Somerset Farm concept plan, June 2011 Credit: CREDIT: Collins Engineering

The Albemarle Planning Commission has provided significant support to a proposal from local developer Wendell Wood to move more than 317 acres along Route 20 south of Charlottesville into the designated growth area. If ultimately approved after further study, the project would represent a significant change for Albemarle’s Comprehensive Plan.

Somerset Farm sits south of Interstate 64 on the eastern side of Route 20 between Carter Mountain and the neighborhoods of Mill Creek and Lake Reynovia. Wood has requested that Albemarle change its Comprehensive Plan to allow the land, currently in the county’s rural area, to be developed for up to 1,902 new homes, plus significant retail and office development.

“Mr. Wood seems really willing to work with us and provide some commercial development in an area where there is none,” Commissioner Linda Porterfield said. “My biggest concern is that we need to figure out how much more capacity can we handle in Albemarle without diluting the services provided to existing residents in the development areas.”

“When I look at that area down there … it just seems to me if we are going to make an exception, this might be the one we need to make,” commission Chairman Duane Zobrist said.

Julia Monteith, an ex-officio member of the commission representing the University of Virginia, pointed out the site had other attributes that needed to be considered.

“This is a designated state scenic byway, it is part of a historic district and it is an entrance corridor,” Monteith said. “These things need to be addressed from a qualitative point of view too.”

Albemarle Planning Commission chairman Duane Zobrist (center)

“I am sensitive to the historic aspects too,” Zobrist responded. “But we have already messed up the west side of [Route 20].”

Wood said after the work session that he thinks the commission clearly understands the proposal.

“I think they recognized that this property has a lot of merit,” Wood said. “It certainly is not ‘rural land’ with apartments, industrial businesses and the Kappa Sigma headquarters all across the street.”

Since the state acquired the nearby Biscuit Run property in December 2009 from local banker and developer Hunter Craig, numerous land owners have submitted proposals to Albemarle seeking to bring new land into the growth area.

Neil Williamson , president of the Free Enterprise Forum , said Tuesday that some restoration of the growth area may be appropriate.

“One could argue that the Comprehensive Plan designates 5 percent [of Albemarle as] development area and 95 percent as rural area, and thanks to unilateral action by state government, the current development area no longer meets the designation, and it needs to be updated,” Williamson told the commission.

Biscuit Run’s 800 developable acres, which were planned for as many as 3,100 homes, represented about 3.5 percent of Albemarle’s land targeted for growth. The Planning Commission was provided Tuesday with a list of 10 pending requests to move more than 740 acres into the growth area.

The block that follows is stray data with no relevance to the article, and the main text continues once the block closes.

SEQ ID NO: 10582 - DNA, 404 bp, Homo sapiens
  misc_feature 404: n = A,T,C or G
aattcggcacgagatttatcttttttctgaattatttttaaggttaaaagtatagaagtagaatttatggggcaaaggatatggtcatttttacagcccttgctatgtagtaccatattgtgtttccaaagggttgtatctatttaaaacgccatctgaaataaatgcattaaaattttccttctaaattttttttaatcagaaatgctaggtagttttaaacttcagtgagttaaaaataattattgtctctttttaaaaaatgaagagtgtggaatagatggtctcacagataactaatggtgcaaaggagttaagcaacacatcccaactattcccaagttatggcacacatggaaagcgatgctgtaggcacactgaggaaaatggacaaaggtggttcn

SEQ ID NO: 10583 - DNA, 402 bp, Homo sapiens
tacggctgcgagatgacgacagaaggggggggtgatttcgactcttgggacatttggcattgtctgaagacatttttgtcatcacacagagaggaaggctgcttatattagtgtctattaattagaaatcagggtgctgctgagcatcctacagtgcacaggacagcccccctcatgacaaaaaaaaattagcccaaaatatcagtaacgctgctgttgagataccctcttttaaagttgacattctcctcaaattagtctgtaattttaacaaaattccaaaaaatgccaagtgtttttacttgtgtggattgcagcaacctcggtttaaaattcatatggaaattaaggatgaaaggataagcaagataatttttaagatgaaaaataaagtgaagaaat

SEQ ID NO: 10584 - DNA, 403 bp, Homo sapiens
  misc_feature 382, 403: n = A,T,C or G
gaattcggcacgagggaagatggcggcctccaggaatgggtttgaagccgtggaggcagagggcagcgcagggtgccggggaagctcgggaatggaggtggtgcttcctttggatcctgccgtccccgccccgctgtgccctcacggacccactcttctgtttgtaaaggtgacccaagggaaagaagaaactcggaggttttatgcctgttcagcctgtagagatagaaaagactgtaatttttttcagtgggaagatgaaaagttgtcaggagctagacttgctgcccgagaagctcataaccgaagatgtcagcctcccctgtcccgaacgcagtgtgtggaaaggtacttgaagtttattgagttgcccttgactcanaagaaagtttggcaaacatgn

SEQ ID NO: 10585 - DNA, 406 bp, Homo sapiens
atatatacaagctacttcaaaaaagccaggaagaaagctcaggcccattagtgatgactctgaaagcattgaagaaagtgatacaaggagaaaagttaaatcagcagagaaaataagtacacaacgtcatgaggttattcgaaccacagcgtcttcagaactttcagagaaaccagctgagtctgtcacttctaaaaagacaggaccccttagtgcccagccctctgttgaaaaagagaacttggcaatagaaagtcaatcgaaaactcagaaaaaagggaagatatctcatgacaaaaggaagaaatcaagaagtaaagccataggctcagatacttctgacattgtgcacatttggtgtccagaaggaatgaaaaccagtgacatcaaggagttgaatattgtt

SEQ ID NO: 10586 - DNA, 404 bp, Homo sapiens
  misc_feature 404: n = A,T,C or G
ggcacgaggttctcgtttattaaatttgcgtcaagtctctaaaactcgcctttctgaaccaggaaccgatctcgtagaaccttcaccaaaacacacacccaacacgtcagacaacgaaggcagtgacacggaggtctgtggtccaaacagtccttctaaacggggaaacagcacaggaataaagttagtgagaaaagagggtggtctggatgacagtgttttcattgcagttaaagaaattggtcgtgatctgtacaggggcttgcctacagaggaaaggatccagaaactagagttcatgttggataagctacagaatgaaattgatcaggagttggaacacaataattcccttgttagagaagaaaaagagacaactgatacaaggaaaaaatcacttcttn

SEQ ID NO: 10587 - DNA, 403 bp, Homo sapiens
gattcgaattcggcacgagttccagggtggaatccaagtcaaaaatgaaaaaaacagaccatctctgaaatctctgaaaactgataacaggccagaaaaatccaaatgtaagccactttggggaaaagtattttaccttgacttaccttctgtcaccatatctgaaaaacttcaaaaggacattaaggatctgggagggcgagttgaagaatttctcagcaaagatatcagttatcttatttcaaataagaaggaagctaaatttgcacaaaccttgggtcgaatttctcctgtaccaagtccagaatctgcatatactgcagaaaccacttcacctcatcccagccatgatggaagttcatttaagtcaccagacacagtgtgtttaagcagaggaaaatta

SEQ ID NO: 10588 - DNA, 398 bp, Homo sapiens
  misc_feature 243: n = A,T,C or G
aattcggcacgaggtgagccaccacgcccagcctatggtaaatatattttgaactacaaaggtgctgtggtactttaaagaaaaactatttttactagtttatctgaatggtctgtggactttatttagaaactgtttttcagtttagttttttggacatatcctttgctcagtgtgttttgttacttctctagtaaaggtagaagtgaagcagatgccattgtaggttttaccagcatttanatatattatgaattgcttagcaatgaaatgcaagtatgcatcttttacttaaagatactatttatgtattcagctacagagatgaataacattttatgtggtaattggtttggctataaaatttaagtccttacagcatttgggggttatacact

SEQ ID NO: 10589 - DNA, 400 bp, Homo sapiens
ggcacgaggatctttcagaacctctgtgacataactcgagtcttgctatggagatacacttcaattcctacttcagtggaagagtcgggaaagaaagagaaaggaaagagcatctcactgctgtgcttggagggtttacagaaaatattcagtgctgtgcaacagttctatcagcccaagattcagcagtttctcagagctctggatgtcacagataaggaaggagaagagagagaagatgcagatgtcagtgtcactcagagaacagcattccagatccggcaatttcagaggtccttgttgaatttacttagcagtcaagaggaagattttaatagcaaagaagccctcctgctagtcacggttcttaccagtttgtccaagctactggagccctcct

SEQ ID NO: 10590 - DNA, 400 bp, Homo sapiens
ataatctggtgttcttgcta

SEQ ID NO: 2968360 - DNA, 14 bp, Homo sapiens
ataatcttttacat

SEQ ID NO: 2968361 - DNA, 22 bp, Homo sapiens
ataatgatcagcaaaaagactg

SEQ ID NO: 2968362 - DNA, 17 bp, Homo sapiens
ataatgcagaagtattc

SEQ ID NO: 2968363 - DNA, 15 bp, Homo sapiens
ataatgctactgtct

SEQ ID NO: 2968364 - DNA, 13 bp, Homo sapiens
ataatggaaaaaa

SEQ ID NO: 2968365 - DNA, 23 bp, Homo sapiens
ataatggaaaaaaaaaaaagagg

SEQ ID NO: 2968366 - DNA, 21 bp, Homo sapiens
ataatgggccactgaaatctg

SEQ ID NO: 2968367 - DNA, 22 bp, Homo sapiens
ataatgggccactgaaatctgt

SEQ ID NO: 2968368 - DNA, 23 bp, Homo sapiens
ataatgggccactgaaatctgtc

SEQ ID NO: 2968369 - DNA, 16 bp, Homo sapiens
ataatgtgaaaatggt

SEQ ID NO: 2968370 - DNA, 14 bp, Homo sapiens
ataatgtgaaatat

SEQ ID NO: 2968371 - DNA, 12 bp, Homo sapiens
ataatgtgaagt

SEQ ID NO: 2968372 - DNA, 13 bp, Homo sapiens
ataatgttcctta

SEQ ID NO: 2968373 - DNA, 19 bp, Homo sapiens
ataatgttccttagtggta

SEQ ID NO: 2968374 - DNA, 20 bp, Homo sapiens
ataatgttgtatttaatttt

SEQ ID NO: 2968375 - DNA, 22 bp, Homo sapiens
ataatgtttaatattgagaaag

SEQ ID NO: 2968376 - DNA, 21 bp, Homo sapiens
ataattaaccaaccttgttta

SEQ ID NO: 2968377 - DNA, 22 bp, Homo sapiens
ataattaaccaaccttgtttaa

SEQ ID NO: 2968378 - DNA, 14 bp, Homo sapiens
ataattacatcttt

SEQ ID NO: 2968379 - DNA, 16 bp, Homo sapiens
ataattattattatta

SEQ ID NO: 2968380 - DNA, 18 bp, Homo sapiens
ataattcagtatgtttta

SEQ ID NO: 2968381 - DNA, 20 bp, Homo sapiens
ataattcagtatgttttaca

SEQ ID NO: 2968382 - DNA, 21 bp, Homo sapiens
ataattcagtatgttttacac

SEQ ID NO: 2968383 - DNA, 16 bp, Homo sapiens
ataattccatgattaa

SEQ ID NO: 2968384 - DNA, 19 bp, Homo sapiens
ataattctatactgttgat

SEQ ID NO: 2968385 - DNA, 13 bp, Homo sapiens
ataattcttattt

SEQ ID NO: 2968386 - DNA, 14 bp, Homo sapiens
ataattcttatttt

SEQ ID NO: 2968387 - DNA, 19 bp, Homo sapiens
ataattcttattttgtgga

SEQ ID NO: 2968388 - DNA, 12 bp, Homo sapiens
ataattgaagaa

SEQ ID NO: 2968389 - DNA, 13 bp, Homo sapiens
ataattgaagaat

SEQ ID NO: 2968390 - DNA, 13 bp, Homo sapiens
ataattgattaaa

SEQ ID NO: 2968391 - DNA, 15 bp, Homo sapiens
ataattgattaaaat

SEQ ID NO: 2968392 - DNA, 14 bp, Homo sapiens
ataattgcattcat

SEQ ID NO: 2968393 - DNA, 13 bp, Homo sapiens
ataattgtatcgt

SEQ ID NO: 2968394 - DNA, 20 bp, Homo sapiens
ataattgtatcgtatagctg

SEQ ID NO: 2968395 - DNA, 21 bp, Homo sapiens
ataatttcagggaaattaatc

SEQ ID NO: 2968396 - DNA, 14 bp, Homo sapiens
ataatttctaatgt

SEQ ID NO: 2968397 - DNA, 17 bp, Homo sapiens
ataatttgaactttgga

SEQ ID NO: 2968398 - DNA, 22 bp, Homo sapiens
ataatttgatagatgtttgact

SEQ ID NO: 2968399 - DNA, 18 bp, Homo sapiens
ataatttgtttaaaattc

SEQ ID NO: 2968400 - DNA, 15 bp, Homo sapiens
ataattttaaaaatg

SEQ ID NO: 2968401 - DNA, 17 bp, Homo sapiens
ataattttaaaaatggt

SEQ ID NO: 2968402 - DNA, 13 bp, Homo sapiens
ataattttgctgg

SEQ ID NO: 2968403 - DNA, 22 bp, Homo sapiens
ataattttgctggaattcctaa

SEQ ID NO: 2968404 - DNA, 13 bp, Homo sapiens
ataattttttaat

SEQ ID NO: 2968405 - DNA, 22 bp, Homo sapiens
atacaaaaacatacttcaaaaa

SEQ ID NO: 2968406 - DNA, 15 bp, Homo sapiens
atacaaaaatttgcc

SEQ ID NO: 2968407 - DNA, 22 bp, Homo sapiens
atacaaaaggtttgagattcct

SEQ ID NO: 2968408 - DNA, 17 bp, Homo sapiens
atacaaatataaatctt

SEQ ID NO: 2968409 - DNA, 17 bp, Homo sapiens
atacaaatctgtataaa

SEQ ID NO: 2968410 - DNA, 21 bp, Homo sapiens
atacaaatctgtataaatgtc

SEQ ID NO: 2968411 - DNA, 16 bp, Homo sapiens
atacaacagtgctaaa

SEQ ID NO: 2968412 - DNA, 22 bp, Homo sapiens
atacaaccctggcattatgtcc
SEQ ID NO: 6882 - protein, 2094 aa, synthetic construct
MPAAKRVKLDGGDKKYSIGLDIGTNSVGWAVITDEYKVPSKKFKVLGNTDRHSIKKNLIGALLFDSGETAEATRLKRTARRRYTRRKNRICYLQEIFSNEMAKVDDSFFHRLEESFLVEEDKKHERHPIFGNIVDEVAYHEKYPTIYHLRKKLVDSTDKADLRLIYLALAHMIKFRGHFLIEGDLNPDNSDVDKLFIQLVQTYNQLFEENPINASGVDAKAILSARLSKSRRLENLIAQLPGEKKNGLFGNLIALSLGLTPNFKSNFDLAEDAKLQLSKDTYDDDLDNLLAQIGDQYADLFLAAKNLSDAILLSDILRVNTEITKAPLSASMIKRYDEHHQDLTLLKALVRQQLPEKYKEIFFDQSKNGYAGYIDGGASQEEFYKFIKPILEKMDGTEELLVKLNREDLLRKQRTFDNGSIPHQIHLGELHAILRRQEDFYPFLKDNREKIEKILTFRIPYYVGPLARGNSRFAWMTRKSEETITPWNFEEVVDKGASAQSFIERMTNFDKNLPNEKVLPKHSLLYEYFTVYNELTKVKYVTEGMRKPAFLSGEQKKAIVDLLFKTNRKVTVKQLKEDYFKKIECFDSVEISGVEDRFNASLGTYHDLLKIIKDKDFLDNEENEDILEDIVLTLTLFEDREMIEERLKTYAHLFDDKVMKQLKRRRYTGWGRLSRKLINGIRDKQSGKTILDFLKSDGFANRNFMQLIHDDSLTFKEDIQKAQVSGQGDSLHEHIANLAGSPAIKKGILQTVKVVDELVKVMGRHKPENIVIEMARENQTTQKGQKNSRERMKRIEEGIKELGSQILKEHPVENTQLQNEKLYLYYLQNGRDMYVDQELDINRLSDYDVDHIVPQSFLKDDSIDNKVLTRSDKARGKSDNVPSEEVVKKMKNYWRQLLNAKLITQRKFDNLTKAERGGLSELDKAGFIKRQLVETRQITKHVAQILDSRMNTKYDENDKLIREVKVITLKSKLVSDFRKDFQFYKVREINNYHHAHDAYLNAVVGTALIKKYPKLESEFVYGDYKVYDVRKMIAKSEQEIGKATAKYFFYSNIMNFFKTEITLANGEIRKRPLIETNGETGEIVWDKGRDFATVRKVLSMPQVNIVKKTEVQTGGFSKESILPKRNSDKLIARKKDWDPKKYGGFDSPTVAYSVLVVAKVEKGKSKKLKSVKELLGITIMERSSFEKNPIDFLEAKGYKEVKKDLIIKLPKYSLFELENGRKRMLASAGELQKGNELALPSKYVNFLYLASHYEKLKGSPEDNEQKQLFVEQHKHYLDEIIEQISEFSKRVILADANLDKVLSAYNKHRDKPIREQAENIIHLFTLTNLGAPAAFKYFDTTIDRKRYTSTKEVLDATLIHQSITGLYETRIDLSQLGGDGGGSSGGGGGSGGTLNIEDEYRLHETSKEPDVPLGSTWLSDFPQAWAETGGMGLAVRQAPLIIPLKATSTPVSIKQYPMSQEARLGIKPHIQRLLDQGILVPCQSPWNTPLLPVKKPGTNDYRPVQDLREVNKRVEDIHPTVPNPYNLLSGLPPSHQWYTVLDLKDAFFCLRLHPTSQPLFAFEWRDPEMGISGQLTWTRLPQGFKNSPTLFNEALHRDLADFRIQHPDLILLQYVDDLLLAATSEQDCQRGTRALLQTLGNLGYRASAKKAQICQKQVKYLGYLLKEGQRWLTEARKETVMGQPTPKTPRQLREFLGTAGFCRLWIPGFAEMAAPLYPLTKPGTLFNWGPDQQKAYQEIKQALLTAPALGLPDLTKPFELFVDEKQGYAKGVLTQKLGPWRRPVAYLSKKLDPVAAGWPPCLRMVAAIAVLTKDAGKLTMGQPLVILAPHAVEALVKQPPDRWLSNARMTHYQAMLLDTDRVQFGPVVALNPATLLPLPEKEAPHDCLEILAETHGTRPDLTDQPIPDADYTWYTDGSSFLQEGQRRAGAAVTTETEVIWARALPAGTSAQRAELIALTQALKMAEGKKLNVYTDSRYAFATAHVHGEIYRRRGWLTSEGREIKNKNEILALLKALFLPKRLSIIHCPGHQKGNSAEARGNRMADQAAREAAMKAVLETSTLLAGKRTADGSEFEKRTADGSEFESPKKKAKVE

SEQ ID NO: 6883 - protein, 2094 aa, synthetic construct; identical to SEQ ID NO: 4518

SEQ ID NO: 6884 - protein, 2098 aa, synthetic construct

The Piedmont Environmental Council’s Jeff Werner said in an interview that he doesn’t understand the need to restore the lost development potential when so many other previously approved developments are sitting idle in the current housing market.

“If the demand was there for all this growth, then Biscuit Run wouldn’t be a state park right now,” Werner said. “If Albemarle wants to contemplate a growth area expansion, that should be a part of the whole planning process [the county] said they are going to do.”

Albemarle County staff recommended to the commission that Somerset Farm, and the other proposals, all be evaluated as part of the major review of the county’s Comprehensive Plan taking place during 2011-2013.

Morgan Butler, an attorney with the Southern Environmental Law Center , echoed that advice and recommended additional data be considered before any of the 10 growth area expansions moved forward.

“This proposal definitely has some very positive characteristics, but it also has some negative characteristics,” Butler said. “A key first part [of that study] is revisiting the county’s needs and the holding capacity of our existing development areas, as well as getting an inventory of what has already been approved.”

Wood said after the meeting that he had hoped the commission would move forward on a faster schedule. Zobrist said the commission would act further on the request in the fall once staff had provided additional metrics as part of the Comprehensive Plan review.

“We asked staff to consider ranking the 10 projects they have because we all think that [Somerset Farm] ranks very high,” Zobrist said after the meeting. “The collective wisdom is we should study this because we want to see development south of the interstate.”